Matt Updike '95 - Life Cycles
Stubbornness is a character trait that has served Matt Updike well.
When he graduated from SUNY Plattsburgh's environmental science program in 1995, he didn't go the graduate school route or shotgun his resume out to environmental firms or government agencies. The career, whatever it might end up being, would wait. In spite of convention, he followed his ambition to earn enough money that summer waiting tables in Skaneateles, N.Y., to head west. What he expected when he got there he had no idea. He just knew it was something he had to do.
"I had a plan to do this well before I ever graduated," Updike said. "So, in early October of '95 I packed up the car and drove to Utah."
Updike worked at Alta ski area "and skied 120 days that year. It was awesome." He spent a year there before moving to Denver, Colo. It was in Denver in 1997 that Updike's life was turned upside down when the truck he was driving left the road and struck a tree. He had fallen asleep at the wheel.
Life Turned Upside Down
"My truck rolled several times (and) I was knocked unconscious so the whole thing is a little fuzzy," he said. "I broke my spine and was paralyzed just below the chest. I also bruised and broke all of my ribs and punctured a lung. I was very lucky to have lived."
Surgery on his back shortly followed, and he was transferred to Craig Hospital in Denver for rehab where he spent the next two and a half months "essentially learning how to live again," Updike said. While in rehab, he discovered he could still do many of the things he loved, "such as skiing and cycling," he said. "I met a guy who organized a group of handcyclists to do a bike tour here in Colorado, a week-long supported recreational ride that takes a route through the Rocky Mountains, covering distances like 50 and 100 miles a day and climbing several thousand feet over mountain passes."
Taking a Ride, a Chance
Updike was asked to participate in the ride the following June and agreed.
"This would be only eight months after the accident," he said. "I bought a handcycle - which didn't arrive until six weeks before the ride - and completed the ride. I knew I had found a sport I loved. This gave me something to focus on other than being disabled and was a big part of my recovery."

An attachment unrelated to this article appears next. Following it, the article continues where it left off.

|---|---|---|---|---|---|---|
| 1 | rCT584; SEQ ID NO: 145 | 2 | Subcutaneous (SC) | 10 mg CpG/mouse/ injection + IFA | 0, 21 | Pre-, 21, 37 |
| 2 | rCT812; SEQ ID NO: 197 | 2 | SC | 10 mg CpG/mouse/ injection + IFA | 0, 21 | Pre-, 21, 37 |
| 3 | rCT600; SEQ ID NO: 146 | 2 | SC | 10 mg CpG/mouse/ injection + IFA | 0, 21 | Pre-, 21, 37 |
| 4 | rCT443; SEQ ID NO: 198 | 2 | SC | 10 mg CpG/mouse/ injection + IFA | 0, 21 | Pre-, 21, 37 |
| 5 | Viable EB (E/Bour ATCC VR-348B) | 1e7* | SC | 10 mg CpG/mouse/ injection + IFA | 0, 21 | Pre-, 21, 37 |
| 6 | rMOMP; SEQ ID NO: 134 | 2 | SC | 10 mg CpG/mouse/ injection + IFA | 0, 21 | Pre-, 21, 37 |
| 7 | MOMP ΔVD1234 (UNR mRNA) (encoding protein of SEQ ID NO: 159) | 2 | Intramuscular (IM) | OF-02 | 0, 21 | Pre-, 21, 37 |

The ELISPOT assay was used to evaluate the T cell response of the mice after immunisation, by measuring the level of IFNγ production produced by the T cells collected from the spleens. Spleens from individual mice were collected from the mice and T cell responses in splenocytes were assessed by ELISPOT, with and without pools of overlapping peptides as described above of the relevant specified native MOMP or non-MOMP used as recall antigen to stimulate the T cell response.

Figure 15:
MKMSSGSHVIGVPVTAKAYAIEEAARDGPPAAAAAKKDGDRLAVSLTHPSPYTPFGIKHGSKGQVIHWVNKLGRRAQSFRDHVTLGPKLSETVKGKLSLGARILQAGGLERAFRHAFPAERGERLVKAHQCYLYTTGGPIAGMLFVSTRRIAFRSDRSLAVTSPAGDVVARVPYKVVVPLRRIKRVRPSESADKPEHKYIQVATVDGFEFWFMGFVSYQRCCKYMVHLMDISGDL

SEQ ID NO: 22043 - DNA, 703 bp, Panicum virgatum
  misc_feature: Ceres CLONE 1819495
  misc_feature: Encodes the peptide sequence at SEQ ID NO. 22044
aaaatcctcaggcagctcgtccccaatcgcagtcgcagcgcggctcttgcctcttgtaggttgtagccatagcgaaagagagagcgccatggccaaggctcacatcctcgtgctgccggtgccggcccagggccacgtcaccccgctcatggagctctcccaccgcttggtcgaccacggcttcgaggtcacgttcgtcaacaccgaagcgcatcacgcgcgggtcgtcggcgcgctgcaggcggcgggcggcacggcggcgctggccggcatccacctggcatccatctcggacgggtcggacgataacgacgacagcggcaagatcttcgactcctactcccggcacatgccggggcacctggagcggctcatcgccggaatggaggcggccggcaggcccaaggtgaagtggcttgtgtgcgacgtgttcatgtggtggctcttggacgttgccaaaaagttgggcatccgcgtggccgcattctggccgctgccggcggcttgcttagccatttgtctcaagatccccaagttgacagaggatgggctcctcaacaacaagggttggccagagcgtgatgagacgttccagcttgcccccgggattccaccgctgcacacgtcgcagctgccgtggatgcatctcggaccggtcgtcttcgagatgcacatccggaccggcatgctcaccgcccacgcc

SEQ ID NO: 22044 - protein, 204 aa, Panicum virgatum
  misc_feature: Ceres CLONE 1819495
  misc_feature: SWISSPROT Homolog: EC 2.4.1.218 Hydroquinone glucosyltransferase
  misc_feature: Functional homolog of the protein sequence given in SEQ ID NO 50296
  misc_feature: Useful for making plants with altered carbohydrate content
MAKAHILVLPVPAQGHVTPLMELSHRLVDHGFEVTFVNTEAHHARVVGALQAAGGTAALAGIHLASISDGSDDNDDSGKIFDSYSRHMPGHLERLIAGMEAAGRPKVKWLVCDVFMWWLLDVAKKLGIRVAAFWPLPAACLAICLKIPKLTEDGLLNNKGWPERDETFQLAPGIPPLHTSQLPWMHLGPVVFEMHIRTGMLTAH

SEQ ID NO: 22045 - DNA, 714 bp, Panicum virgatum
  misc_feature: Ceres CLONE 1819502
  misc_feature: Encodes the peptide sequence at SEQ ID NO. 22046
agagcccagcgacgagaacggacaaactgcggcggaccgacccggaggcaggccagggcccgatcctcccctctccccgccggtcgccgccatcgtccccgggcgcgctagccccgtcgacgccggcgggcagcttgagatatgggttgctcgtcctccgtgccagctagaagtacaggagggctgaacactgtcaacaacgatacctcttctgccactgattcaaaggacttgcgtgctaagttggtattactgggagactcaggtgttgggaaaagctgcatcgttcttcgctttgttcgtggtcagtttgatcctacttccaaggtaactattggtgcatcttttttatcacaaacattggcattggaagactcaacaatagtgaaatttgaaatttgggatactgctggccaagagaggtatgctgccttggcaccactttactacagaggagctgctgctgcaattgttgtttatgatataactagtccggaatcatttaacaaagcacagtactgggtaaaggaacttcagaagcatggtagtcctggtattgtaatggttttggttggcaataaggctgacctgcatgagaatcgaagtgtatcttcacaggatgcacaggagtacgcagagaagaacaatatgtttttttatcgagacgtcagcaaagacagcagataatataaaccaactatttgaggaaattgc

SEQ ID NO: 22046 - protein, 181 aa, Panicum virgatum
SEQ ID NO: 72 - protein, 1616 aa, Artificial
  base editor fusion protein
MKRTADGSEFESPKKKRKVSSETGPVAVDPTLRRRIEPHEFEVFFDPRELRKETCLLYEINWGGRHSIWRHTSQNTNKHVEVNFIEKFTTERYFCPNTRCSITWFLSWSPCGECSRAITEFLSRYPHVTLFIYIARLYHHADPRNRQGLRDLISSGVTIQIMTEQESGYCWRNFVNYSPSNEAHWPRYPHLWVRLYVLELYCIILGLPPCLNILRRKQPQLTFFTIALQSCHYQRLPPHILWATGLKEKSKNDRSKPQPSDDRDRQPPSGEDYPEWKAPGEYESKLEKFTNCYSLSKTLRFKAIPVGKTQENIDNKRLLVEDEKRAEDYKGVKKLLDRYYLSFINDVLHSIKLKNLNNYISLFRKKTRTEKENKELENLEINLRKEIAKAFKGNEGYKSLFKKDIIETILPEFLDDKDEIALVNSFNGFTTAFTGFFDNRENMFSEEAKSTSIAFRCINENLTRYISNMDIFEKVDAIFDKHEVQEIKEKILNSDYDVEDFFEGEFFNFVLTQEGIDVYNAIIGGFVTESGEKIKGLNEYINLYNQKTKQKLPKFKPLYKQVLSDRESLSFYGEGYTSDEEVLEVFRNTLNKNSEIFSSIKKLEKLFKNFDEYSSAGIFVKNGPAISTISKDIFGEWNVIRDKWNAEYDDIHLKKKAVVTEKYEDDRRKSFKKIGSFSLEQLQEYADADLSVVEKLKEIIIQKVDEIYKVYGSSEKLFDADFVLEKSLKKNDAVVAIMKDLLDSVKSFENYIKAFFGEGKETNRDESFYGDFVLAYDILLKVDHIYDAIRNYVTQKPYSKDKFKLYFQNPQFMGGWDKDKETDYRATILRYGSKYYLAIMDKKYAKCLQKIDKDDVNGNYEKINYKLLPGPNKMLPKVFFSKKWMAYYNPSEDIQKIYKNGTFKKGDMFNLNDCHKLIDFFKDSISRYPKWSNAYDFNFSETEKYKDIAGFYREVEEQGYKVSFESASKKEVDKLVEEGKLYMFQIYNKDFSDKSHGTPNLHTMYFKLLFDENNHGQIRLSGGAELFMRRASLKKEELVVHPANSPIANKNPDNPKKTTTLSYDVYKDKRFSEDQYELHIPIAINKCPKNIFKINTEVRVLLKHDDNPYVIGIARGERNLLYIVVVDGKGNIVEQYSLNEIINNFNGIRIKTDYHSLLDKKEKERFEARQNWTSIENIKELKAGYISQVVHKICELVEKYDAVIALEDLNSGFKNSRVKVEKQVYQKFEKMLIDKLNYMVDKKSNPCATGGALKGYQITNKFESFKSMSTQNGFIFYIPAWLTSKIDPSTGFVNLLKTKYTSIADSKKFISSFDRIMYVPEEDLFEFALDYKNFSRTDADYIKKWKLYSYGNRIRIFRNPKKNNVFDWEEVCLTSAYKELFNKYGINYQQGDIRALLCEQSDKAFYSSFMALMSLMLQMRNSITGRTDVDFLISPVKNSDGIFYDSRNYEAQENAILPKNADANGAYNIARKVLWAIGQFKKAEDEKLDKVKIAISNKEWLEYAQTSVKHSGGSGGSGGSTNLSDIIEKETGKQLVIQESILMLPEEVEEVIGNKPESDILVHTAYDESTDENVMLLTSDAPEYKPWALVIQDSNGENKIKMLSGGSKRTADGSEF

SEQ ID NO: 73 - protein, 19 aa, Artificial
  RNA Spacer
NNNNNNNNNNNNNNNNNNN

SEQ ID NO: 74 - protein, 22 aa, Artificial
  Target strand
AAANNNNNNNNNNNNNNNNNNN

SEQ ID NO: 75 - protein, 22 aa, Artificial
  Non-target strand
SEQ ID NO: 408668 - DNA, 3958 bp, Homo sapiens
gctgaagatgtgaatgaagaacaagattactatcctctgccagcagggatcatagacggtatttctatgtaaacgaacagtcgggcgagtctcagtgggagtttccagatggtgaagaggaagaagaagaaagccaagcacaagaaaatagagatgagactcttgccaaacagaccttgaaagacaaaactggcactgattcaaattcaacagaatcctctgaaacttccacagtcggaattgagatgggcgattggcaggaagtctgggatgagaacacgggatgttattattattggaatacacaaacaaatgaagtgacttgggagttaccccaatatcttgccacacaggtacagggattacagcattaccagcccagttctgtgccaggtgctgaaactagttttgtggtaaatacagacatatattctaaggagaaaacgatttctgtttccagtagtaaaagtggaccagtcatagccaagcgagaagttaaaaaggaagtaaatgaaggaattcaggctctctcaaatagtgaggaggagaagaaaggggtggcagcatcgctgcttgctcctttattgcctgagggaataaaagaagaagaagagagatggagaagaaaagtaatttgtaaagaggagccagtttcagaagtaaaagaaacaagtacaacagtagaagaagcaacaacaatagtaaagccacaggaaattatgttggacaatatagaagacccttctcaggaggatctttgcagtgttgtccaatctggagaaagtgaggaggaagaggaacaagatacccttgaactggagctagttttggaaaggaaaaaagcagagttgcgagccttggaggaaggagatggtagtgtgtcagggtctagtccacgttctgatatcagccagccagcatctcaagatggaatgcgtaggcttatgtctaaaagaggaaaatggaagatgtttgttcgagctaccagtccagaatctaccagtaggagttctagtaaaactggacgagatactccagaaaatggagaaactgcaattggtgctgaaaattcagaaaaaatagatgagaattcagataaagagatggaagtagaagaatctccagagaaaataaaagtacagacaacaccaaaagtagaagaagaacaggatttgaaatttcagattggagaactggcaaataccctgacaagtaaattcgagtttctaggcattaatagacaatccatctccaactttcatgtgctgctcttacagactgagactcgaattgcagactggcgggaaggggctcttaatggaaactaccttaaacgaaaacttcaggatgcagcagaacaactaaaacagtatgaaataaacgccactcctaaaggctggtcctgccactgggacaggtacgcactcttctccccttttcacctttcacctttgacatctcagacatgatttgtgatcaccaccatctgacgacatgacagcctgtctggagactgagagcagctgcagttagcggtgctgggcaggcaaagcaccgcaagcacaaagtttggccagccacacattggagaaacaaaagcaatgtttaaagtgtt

Racing soon became a big part of his life, too, in 2002 Updike did well enough to make the U.S. Handcycling Team and participate in the world championships in Germany.
Skiing, Cycling Keeps Him Going
"I ended up getting the bronze in the time trial," he said. "I have won several national titles since and have continued to race in Europe at least once per year since then. I missed qualifying for the last Paralympics in Greece by one spot. I'll probably give it another shot in 2008 depending on what is going on in my life."
He continues his love affair with the ski slopes using an adaptive chair that allows him to hit the moguls with verve. He is also an accomplished cross-country skier, again using an adaptive chair equipped with Nordic skies.
When he's not racing on his handcycle, on the slopes or cross-country circuits, Updike works at a small chemical company, Five Star Chemicals, which sells cleaning and sanitizing chemicals to breweries. His work keeps him busy, but just like everything else in his 34-year-life, Updike just takes it all in stride.
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